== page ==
A review


Arthritis means inflammation of the joint. It is not a diagnosis as such as there can be many causes

  • General wear and tear throughout life - the most common reason
  • Persistent/recurrent trauma eg. in cases of luxating knee caps
  • Broken limbs especially involving the joints eg. hip fractures
  • Ligament trauma when left untreated eg. anterior cruciate is the most common reason here
  • Infections (eg. cat bite wound into a joint
  • Tumours
  • Congenital/developmental deformities eg. hip dysplasia is the most common
  • Problems with the immune system eg. rheumatoid arthritis, this is uncommon in companion animals

How do I know if my dog is suffering from osteoarthritis

Obviously the best way is to allow a veterinary surgeon to examine the dog, but there are signs for you to look out for Arthritis

Usually present as chronic lameness, one that tends to develop slowly and worsens with time


  • The animal is stiff on rising
  • Reluctant to jump up/down, use steps etc
  • It warms out of its lameness i.e. improves if exercised
  • Is worse in wet and/or cold weather
  • More subtle features your vet may detect are
  • Thickening of a joint
  • Increased limitations on extent of normal movement
  • Resentment of joint manipulation

What can we do

For a long time the mainstay of osteoarthritic treatment has been Non Steroidal Anti-inflammatory Drugs (NSAID's). * These drugs offer pain relief and counteract joint inflammation. Over the years these drugs have continually been improved and can be very effective and safe. The aim is to find the minimal effective regime of dosing. So this may mean 1-2 weeks with treatment and stop until the problem returns. The drugs may only be required during the winter months for example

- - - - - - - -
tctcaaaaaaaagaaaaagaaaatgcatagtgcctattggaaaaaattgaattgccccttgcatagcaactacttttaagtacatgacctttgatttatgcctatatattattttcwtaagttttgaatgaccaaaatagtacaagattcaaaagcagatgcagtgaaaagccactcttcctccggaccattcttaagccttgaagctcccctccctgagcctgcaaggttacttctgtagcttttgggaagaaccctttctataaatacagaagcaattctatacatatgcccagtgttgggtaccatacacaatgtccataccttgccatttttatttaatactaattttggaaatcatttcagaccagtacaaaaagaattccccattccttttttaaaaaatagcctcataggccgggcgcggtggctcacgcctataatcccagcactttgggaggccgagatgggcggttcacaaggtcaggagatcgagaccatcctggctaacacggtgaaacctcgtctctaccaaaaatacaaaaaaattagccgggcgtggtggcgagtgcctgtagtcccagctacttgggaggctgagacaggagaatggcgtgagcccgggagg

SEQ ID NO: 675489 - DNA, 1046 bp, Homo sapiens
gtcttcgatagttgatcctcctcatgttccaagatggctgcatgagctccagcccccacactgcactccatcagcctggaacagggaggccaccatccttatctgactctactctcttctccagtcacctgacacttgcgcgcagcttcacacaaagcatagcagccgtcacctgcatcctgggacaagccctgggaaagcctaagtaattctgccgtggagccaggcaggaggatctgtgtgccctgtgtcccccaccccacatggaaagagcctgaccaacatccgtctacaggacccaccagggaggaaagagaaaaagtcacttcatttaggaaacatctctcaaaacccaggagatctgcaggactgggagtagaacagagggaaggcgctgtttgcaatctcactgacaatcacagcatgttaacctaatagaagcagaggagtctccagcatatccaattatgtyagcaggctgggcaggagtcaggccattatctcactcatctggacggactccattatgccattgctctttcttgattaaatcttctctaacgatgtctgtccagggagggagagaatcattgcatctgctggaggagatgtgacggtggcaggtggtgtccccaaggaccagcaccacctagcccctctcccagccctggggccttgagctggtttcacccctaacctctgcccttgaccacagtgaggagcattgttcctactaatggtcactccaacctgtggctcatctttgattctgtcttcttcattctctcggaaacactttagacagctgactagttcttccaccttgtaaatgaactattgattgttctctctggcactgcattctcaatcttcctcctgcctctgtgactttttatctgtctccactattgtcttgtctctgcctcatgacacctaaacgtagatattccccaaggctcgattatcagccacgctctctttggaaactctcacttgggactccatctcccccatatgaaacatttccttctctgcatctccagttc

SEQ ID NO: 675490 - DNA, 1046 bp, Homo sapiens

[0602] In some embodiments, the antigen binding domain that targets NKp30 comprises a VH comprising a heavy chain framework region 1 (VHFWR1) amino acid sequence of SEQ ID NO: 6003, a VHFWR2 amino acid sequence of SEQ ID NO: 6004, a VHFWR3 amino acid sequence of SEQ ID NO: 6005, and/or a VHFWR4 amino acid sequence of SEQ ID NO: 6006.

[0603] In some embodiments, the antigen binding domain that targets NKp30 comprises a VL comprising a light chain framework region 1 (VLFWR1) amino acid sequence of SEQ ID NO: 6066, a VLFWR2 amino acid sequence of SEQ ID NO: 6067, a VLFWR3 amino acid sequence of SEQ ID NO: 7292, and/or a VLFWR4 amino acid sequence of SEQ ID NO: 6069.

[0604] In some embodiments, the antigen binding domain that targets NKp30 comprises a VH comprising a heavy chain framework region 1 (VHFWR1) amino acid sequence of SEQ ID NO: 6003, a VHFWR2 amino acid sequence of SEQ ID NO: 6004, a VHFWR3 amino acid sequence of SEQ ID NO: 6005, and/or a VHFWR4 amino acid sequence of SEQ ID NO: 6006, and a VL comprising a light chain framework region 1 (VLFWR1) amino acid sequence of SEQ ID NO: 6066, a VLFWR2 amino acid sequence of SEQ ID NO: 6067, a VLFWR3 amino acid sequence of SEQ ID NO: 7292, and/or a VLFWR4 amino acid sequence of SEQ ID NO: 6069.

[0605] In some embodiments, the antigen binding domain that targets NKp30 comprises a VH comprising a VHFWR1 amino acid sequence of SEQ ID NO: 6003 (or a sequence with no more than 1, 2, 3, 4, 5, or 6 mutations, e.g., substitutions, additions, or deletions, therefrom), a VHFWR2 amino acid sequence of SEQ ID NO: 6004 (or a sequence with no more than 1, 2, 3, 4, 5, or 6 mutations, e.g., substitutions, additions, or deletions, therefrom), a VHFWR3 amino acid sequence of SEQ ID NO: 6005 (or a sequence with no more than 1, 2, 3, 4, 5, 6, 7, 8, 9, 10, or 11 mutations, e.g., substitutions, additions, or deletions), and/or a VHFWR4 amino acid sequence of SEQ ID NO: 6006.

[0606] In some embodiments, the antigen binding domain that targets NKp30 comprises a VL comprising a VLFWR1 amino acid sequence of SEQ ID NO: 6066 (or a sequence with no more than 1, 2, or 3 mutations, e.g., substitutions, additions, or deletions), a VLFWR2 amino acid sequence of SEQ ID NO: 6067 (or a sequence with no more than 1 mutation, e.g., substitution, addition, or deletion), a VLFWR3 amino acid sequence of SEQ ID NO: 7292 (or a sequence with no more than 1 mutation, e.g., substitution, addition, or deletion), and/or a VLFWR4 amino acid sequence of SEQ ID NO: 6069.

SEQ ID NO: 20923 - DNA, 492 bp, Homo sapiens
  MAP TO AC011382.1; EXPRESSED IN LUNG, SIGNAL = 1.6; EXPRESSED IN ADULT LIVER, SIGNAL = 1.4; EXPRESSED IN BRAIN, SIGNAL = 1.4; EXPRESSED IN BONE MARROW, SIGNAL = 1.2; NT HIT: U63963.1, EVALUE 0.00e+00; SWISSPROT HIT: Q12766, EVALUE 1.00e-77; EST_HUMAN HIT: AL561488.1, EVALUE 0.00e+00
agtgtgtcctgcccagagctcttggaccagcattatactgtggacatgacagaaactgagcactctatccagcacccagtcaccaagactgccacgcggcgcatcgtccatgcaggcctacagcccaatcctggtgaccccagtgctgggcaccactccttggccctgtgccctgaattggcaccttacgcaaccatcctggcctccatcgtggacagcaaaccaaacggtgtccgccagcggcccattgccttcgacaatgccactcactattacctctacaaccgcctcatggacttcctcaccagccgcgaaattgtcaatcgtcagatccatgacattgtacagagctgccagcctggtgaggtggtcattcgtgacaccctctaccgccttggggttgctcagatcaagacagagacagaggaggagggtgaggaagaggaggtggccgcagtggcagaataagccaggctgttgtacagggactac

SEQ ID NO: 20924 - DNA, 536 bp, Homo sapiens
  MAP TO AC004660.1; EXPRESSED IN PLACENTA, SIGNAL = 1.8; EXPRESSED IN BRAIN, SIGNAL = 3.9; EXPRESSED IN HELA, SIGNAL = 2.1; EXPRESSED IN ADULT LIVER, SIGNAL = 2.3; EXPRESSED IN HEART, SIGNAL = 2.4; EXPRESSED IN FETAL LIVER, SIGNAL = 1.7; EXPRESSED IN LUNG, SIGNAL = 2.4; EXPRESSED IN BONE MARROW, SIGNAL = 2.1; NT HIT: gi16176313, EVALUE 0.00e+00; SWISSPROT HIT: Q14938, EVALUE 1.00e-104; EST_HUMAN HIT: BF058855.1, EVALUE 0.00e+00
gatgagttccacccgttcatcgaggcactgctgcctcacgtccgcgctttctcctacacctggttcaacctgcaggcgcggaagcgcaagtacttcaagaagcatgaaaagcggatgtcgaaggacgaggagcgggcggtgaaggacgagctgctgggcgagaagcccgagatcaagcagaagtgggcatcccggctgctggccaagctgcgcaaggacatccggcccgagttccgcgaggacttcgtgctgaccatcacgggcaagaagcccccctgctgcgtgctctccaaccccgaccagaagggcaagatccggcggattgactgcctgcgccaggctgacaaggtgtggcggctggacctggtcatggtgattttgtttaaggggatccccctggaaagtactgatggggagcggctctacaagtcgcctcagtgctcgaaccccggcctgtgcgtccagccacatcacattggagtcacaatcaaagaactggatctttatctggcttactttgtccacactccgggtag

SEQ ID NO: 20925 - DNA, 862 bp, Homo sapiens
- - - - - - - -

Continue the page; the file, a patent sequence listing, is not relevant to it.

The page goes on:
• Over the past few years a new range of very effective veterinary specific drugs have appeared. These drugs improve joint fluid attributes, and protect the cartilage of joints. In other words they tune up the animal's suspension, in a way it oils the joints! They work so well that many vets have extended their use to cats and the drug is now being trialed in humans
  • Steroids. As vets, we try to reduce our patients dependence on this drug, so for long term therapy, it is not our first choice. However, sometimes it is the only drug that works! (eg. auto-immune disease). In cats, that show much fewer side effects with steroids, long acting injections can work well, eliminating the need for daily dosing
  • Special drugs for autoimmune disease, such as gold salts! The mode of action is unknown and the results vary a great deal. Probably the most common use is in rheumatoid arthritis
  • Surgery. In certain cases this could be the best possible solution for a pain free pet. For example femoral head excision in cats with severe hip osteoarthritis, hip replacement in young dogs with severe hip dysplasia
  • Alternative medicine. For example acupuncture has been used in many cases

Treatment Methods

There are now a wide range of treatment options. I always like clients to realise that 50% of the treatment is in their hands (management) and 50% is ours -medicines

What you can do

A few simple things can make a great difference

  • Reduce exercise. A lot of clients think that exercise helps. The evidence for this is that when exercised the animal seems to loosen up. However the truth of the matter is that an animal will suffer tomorrow for any excess exercise they do today! Reduction does not mean cease exercising. For many dogs, life = walks and food! So we obviously want to maintain quality of life. Cut out any vigorous exercise. Walk on a lead. Short walks are essential
  • A large number of pets these days are unfortunately overweight. Increased weight bearing on arthritic joints hurts! Weight reduction in these cases can sometimes be the only treatment required. It costs nothing but demands discipline and all the family needs to abide by the rules
  • We have diets that allow dogs to really fill themselves up yet lose weight! So we can make this easy for you. In addition you will be surprised at the new lease of life a pet can get from weight reduction

If you suspect arthritis in your pet then make an appointment to see your vet so they can examine your animal and confirm it